Ready to occupy offices will be completely absent in 2016, according to Peter Gallagher of Colliers

Colliers’ predictions for 2016

A drop in office supply, speculative shed development and an ‘insatiable’ demand for retail space will all be on the cards in 2016, according to Colliers International in Manchester.

Peter Gallagher, director of national offices at Colliers in Manchester, said: “We expect that current levels of total and Grade A office take-up and completion of lease transactions currently under offer in Manchester will result in an unprecedented complete absence of ‘ready to occupy’ supply in the market by Q2 2016.

“Greater forward planning by occupiers and future reservation of new space is evident by the emergence of a true pre-let market. We expect 100% of the currently ‘in-build’ Grade A stock to be let before practical completion, fuelling the establishment of a fully-fledged, large space pre-let market.

“Although there is 1.34m sq ft of consented schemes it is expected that lack of readiness/funding will result in only a limited race to speculatively bring space to market. In the city centre we expect this to comprise less than half of the total consented schemes resulting in a continuing shortage of Grade A office supply.

“This continuing shortage will put pressure on rents. The top rent in the city centre at the end of 2015 is £34/sq ft and we expect prime Grade A city centre office rents to have reached £35/sq ft by mid-2016 and £40/sq ft by the end of 2018.”

Julien Kenny-Levick, director of industrial and logistics at Colliers, said: “Although 2016 will see an increase in speculative development, it may not be sufficient to meet the demands of occupiers in the North West. Industrial and logistics demand will continue to be driven by e-commerce with occupier demand expected to be steady rather than spectacular, with omni-channel retailers at the forefront. Consumer demand for same-day and timed delivery slots will drive further demand for ‘last mile delivery’ urban sheds.”

David Fox, head of retail agency in the North at Colliers, said: “The retail sector in the North West and elsewhere will continue its steady recovery. Insatiable demand from A3 users will continue to help absorb vacant space and, with mainstream retailers now more comfortable with the complexities of omni-channel retailing, selective expansion and new entrants will create rental pressure in locations other than London. We expect to see more consumer brands following the likes of Apple, Samsung and Dyson in acquiring prominent units to promote their products.”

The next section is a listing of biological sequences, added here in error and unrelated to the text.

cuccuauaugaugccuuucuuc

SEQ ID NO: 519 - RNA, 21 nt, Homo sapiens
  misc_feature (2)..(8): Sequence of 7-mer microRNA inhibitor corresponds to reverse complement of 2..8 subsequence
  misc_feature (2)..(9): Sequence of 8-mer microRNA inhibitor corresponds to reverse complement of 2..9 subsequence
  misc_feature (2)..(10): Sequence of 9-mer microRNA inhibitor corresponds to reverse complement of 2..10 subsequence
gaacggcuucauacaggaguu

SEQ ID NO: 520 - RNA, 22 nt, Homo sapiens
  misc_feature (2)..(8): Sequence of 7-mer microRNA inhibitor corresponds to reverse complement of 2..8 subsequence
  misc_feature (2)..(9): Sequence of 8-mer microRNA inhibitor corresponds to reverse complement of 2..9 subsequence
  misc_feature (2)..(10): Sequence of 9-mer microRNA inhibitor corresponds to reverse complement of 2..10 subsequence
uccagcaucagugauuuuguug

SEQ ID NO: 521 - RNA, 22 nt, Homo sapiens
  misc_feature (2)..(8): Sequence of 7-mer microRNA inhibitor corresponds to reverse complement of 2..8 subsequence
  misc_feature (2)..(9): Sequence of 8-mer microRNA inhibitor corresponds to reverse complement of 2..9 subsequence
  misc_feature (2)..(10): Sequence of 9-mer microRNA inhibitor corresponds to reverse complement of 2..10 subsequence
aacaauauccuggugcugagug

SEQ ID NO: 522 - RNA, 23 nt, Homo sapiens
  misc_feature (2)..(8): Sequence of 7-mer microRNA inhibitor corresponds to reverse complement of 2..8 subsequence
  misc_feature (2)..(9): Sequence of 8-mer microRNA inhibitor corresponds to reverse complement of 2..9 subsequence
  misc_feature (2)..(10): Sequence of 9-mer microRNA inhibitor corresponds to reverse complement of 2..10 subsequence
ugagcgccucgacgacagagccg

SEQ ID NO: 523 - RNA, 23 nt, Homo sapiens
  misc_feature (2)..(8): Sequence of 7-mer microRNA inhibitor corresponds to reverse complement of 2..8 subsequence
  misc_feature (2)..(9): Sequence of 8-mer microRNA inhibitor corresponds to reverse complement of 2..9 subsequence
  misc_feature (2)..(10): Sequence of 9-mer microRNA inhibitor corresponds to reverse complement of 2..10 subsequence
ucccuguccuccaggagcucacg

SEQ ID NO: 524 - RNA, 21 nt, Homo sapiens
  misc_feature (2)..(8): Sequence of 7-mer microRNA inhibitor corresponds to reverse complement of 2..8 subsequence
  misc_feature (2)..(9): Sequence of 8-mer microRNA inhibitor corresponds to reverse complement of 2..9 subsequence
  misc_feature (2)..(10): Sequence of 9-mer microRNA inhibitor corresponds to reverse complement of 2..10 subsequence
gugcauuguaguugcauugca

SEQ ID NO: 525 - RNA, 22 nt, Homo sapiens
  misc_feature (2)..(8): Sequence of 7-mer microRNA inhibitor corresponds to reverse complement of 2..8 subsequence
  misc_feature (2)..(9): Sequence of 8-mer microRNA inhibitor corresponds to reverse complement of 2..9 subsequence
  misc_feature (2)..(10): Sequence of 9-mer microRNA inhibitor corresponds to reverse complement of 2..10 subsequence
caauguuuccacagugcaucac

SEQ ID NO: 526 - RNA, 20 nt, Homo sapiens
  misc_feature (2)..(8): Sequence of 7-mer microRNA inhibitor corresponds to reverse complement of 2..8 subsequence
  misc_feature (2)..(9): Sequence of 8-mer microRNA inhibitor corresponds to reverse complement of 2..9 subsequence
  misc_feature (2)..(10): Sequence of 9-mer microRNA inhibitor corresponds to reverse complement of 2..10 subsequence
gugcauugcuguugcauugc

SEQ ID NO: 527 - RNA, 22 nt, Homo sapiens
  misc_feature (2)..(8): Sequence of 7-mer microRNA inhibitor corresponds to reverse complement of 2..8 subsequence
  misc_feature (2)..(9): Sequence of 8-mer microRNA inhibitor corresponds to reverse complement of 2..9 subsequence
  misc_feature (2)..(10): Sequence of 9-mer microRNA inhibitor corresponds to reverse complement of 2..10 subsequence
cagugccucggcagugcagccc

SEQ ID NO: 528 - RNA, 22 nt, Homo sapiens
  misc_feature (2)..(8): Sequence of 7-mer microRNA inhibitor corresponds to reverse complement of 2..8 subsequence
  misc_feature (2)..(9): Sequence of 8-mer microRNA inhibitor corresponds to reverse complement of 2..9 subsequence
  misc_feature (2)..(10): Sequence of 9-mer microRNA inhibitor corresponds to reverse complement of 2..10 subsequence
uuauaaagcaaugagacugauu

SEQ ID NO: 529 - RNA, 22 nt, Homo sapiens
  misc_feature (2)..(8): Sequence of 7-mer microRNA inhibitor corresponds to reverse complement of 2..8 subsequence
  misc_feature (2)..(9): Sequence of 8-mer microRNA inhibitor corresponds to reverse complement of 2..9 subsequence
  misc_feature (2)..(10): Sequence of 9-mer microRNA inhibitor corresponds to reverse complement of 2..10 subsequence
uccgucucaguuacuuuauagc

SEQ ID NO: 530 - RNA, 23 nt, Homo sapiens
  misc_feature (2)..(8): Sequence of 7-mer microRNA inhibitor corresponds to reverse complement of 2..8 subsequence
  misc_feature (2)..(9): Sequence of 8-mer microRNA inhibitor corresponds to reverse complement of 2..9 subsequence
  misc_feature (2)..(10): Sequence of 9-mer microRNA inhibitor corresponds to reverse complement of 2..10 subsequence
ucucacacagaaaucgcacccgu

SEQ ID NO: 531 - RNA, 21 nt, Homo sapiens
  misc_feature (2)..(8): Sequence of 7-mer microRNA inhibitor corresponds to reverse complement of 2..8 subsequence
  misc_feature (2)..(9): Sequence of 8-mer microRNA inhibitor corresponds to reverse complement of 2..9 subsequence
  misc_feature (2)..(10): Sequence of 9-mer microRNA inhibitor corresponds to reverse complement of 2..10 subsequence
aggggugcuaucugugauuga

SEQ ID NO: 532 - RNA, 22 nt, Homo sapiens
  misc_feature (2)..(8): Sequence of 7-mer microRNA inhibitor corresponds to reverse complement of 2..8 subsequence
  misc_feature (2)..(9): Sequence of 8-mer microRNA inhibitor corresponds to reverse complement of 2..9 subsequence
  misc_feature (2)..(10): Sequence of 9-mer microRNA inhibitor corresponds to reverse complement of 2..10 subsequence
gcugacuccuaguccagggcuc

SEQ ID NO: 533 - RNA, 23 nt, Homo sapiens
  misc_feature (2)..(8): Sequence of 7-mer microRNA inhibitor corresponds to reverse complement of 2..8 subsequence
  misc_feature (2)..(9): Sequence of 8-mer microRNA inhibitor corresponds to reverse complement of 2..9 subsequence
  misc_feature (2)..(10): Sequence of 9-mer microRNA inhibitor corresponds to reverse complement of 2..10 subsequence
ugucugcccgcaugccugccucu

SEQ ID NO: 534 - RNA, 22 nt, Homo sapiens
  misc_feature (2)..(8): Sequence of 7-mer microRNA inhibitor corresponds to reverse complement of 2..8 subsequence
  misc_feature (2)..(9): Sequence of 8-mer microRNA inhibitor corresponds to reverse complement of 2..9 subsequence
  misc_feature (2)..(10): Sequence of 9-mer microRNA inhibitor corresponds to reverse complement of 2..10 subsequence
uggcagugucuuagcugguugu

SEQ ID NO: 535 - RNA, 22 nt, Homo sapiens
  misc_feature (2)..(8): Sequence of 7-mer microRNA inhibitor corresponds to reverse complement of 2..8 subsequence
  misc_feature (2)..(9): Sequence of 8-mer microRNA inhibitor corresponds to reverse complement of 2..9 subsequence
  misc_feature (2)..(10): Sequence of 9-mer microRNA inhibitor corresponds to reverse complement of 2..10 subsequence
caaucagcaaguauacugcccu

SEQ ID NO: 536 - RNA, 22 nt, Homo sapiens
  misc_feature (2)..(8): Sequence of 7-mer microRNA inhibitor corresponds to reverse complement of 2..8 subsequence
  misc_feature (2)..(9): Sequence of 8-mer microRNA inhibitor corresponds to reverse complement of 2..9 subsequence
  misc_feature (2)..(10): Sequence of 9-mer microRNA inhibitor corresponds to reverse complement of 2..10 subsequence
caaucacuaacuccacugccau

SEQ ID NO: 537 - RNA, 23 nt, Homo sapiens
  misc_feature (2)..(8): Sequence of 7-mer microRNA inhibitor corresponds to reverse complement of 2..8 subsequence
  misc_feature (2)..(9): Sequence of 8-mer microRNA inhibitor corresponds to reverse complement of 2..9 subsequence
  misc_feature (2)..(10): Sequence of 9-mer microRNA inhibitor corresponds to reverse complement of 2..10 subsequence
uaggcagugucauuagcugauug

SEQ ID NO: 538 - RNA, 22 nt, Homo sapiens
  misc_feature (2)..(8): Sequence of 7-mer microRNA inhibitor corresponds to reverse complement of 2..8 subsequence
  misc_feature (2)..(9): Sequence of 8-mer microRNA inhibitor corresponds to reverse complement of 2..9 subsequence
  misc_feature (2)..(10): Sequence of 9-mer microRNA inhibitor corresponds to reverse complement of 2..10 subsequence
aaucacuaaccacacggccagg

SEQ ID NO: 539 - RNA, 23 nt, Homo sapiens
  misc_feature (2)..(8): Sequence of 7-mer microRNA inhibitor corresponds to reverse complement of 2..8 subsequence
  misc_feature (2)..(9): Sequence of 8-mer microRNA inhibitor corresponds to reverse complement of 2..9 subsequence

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Mystic Meg there…

By Baser

Manchester’s retail core needs a complete overhaul. It just doesn’t cater effectively for the size and breadth of the market demand that exists in Greater Manchester. How many brands would like representation in the city but aren’t here due to a lack of suitable site?

The city needs to grasp the nettle and tackle the dated Arndale Centre with a programme of progressive demolition and rebuild, injecting more open space whilst expanding the core eastwards towards King Street and westwards towards NOMA. We need to a retail environment that matches the city’s ambitions and an environment that is pleasant to be in rather than somewhere that people go because the alternatives are currently less convenient.

By Wilson Womersley

The Piccadilly Station – Arndale stretch of the city centre is worlds apart from the adjacent King Street – Spinningfields area. Unfortunately, this is the bit most visitors will see when coming by rail and it really doesn’t promote the city in a good light.

How about creating a new public park on part of the site of the Arndale (the old bit on Market Street) and building over the blighted Pic Gardens with a small scale replacement retail offer for the bit lost. Should balance up the retail areas nicely, with a public area between the two and also connecting to The Shambles.

I really should be a masterplanner.

By Uni

This is the trouble with Mancunians and their ‘town’ mentality.Londoners will go to Chelsea,Kensington,Knightsbridge etc,they do not all congregate on Oxford street to buy a shirt.At the moment there is no alternative place except the Trafford centre for half decent shops,but with the expansion of the Metrolink,we now have an opportunity to invest in other areas.Why for instance can we not have a John Lewis in Bury,or Altrincham?Or why not build an out of town John Lewis near the Ethiad? As Manchester grows something has to be done about the dreary suburbs,to attract people to them to live and shop.Chapel street in Salford has a lot of potential and there is room around there for a decent department store,a cockstride from Spinningfields. Or that ghastly plot of land where Boddingtons used to be.That drive down Bury New Road must rank as the dreariest in Western Europe and the councils on oboth sides of the Irwell need to sort that out..

By Elephant

Can you tell me the winning lottery numbers as well?

By Peter D